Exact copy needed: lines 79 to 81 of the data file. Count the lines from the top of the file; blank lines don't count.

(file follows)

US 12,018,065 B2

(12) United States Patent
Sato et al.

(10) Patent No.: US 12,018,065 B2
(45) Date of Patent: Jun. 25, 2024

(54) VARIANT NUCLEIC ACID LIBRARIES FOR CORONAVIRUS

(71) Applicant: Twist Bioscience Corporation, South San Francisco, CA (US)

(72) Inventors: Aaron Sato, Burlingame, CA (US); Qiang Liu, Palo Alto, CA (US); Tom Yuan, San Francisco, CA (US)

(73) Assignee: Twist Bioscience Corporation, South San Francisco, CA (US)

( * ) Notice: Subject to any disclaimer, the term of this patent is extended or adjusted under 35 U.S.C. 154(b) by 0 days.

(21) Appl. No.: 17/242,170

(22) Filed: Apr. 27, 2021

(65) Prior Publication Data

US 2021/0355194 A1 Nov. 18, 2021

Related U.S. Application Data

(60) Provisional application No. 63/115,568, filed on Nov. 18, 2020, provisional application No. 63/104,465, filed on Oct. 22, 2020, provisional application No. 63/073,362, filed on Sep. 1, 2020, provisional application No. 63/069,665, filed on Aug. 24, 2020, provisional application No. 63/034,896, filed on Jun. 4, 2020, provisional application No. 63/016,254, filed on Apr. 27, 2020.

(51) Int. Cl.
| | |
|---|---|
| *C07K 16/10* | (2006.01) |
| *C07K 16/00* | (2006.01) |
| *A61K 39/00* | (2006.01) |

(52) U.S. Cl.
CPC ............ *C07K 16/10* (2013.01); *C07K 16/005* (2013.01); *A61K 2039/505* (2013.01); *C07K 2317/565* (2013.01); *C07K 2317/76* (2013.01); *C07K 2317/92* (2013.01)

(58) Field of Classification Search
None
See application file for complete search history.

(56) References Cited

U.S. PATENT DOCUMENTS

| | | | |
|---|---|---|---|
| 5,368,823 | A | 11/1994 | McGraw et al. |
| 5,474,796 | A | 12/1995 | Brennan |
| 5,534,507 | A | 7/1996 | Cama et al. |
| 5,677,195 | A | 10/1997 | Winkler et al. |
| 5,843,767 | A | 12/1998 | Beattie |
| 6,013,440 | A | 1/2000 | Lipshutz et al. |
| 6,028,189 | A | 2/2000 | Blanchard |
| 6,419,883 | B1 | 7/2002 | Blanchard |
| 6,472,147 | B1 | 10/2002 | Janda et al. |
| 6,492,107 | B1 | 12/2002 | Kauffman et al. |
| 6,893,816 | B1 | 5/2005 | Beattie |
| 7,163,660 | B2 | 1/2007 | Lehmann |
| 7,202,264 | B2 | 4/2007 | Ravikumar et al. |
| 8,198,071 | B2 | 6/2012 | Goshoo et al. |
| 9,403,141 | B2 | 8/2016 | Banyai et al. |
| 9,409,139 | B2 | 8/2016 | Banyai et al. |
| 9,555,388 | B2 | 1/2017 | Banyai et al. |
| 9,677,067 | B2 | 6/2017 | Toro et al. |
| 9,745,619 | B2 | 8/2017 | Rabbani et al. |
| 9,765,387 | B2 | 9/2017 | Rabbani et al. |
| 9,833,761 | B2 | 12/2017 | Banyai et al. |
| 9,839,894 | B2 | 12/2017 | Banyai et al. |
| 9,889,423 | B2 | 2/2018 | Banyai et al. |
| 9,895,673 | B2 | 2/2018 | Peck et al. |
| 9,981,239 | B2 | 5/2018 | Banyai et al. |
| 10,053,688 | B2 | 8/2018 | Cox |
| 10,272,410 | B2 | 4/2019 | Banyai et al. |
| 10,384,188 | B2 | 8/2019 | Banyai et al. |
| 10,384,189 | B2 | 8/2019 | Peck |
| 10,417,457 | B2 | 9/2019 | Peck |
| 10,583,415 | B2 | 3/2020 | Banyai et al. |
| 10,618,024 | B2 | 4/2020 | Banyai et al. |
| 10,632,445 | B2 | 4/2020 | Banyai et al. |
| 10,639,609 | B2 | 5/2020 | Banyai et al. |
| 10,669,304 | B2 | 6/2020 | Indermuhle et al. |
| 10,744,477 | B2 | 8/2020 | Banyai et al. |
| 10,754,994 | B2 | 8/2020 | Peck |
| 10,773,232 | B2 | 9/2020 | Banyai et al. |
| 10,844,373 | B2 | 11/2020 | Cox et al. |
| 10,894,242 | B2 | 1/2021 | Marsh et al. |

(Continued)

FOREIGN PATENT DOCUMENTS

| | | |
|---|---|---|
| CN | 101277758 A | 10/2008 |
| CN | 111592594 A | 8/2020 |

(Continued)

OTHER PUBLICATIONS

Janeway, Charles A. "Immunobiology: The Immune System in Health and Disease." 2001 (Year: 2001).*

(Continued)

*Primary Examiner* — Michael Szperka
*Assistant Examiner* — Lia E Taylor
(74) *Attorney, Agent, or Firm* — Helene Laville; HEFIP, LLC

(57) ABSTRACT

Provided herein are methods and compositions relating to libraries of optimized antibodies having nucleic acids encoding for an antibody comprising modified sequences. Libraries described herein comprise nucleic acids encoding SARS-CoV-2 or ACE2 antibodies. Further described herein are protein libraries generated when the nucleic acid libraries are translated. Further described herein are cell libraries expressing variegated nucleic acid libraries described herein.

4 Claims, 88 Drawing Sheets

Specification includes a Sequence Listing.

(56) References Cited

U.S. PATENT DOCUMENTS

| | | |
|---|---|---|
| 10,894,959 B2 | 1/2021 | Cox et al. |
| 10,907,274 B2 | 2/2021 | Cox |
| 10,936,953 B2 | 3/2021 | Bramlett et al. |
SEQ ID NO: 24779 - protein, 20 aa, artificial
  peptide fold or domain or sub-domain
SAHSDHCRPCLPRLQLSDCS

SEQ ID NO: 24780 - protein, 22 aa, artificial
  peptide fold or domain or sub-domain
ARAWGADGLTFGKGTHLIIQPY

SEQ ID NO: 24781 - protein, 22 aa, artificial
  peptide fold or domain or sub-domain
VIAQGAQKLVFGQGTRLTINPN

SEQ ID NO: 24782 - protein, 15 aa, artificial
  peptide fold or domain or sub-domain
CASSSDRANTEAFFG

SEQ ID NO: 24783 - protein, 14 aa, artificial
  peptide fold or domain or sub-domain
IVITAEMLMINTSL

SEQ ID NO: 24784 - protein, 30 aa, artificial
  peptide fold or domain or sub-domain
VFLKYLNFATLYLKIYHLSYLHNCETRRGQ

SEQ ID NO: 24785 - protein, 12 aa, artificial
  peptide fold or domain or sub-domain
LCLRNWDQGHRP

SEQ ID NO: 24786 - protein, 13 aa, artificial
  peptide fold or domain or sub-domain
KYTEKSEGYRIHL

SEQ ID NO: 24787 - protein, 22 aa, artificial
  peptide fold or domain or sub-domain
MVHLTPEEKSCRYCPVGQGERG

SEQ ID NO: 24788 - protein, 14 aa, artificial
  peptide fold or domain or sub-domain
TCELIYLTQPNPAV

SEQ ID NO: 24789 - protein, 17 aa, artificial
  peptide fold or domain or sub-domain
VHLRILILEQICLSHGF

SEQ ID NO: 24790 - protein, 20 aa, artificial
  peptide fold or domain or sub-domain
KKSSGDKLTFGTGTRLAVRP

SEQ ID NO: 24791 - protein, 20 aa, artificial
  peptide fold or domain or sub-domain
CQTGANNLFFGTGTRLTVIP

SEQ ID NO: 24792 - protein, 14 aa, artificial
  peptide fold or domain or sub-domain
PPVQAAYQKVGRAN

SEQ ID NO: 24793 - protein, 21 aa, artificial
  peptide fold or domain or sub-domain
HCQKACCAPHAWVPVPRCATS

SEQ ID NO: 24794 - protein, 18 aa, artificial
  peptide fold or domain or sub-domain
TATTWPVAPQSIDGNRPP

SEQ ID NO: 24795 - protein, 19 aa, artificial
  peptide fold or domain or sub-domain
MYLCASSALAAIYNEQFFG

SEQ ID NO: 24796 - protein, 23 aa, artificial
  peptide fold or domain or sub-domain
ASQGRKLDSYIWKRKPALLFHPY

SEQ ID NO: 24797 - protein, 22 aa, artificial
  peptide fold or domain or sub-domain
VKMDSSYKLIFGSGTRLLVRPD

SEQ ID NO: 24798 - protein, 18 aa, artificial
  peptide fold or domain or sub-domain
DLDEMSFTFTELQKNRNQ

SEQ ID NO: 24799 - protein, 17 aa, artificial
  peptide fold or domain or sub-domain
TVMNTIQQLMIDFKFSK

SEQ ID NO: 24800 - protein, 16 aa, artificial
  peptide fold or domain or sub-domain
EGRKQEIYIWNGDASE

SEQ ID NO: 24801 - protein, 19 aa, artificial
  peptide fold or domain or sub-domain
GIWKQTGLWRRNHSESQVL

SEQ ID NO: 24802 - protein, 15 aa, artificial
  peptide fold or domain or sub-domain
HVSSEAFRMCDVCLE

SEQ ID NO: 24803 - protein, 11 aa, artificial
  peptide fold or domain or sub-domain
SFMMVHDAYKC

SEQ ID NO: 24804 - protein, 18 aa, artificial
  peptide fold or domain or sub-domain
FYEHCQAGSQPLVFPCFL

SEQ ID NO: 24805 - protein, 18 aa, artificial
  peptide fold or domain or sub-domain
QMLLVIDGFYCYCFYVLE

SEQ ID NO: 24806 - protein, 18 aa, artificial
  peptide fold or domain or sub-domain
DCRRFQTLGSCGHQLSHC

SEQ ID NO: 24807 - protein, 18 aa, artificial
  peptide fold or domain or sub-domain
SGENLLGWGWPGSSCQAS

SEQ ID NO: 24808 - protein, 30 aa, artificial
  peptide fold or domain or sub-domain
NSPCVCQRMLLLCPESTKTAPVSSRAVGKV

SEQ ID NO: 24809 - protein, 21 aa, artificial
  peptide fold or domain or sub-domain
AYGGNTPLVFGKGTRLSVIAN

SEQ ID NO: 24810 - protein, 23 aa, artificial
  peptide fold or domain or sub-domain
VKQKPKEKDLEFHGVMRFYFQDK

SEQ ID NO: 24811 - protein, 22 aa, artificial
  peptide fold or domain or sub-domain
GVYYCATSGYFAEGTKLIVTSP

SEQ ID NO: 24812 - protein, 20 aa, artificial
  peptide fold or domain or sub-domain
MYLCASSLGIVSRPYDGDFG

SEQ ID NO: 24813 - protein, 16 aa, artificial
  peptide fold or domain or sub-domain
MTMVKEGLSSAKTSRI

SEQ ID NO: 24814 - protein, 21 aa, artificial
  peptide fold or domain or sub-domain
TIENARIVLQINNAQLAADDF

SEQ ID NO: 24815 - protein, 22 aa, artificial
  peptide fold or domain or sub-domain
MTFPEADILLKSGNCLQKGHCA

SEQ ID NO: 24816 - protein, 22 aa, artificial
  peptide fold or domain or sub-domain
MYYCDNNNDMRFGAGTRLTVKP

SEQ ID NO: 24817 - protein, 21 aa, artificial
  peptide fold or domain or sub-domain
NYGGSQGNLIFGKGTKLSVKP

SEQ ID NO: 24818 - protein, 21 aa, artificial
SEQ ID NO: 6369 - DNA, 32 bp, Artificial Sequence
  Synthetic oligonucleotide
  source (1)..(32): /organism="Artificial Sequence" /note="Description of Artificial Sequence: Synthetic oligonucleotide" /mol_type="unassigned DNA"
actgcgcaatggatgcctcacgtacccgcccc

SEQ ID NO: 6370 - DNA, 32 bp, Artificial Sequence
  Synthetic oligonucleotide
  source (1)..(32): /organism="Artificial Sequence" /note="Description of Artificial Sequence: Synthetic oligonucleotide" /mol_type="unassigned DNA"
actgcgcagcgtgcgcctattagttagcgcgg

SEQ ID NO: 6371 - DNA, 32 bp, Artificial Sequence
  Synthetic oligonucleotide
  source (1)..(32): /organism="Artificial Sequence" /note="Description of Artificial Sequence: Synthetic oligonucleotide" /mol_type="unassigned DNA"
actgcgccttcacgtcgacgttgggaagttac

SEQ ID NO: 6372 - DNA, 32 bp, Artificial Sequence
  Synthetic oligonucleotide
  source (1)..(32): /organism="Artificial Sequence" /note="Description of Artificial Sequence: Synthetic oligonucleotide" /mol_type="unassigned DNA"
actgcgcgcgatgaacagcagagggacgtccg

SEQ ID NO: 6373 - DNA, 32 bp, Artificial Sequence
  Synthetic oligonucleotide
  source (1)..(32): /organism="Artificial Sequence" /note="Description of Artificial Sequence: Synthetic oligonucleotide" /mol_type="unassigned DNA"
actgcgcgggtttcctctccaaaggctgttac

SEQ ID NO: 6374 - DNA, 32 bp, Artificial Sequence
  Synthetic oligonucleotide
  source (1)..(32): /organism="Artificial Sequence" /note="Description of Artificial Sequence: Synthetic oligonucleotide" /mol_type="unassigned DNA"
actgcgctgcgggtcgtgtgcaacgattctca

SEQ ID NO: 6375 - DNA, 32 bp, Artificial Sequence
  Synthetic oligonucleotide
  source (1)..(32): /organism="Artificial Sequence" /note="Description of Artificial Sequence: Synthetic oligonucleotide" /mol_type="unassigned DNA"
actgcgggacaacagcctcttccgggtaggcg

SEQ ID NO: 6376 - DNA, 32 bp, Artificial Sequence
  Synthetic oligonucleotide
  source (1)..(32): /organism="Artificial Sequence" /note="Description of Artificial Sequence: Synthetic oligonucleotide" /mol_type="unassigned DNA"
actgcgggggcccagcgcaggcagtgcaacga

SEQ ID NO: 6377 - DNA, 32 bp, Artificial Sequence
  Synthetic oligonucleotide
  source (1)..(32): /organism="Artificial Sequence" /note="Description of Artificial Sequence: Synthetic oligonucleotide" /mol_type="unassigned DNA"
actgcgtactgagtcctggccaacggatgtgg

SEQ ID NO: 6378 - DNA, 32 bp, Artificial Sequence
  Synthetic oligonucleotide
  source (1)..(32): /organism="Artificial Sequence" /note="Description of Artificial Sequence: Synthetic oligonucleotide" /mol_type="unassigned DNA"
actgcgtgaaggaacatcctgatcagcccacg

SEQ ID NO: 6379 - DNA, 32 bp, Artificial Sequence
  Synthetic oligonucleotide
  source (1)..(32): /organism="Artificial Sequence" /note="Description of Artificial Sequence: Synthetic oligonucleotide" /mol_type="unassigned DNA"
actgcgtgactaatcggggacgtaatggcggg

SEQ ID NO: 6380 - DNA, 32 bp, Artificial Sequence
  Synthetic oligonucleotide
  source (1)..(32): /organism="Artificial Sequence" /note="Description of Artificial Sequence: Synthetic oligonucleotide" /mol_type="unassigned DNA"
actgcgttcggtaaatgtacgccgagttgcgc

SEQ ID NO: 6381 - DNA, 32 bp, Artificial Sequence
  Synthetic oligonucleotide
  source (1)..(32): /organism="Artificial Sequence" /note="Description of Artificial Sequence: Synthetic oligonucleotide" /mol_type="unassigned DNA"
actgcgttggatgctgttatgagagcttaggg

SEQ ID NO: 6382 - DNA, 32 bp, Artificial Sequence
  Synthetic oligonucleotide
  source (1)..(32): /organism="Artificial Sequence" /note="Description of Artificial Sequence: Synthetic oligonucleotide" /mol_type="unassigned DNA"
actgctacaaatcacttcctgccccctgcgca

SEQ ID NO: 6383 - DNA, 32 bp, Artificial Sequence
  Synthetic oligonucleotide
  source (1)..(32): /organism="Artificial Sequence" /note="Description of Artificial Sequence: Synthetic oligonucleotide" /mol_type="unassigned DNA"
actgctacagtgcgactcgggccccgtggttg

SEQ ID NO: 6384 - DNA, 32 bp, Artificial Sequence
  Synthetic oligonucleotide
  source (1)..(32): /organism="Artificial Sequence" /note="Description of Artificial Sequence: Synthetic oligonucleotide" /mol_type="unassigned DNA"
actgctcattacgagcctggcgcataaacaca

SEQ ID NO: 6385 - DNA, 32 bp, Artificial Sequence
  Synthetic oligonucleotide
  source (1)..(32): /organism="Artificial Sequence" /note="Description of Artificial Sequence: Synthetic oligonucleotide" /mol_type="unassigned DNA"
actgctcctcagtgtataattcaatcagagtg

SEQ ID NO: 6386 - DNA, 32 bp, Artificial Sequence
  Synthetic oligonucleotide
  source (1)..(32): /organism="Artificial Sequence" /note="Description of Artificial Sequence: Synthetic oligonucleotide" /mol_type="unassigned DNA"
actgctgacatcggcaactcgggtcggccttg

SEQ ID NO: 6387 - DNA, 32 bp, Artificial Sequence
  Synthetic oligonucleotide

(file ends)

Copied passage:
OTHER PUBLICATIONS

Janeway, Charles A. "Immunobiology: The Immune System in Health and Disease." 2001 (Year: 2001).*

(Continued)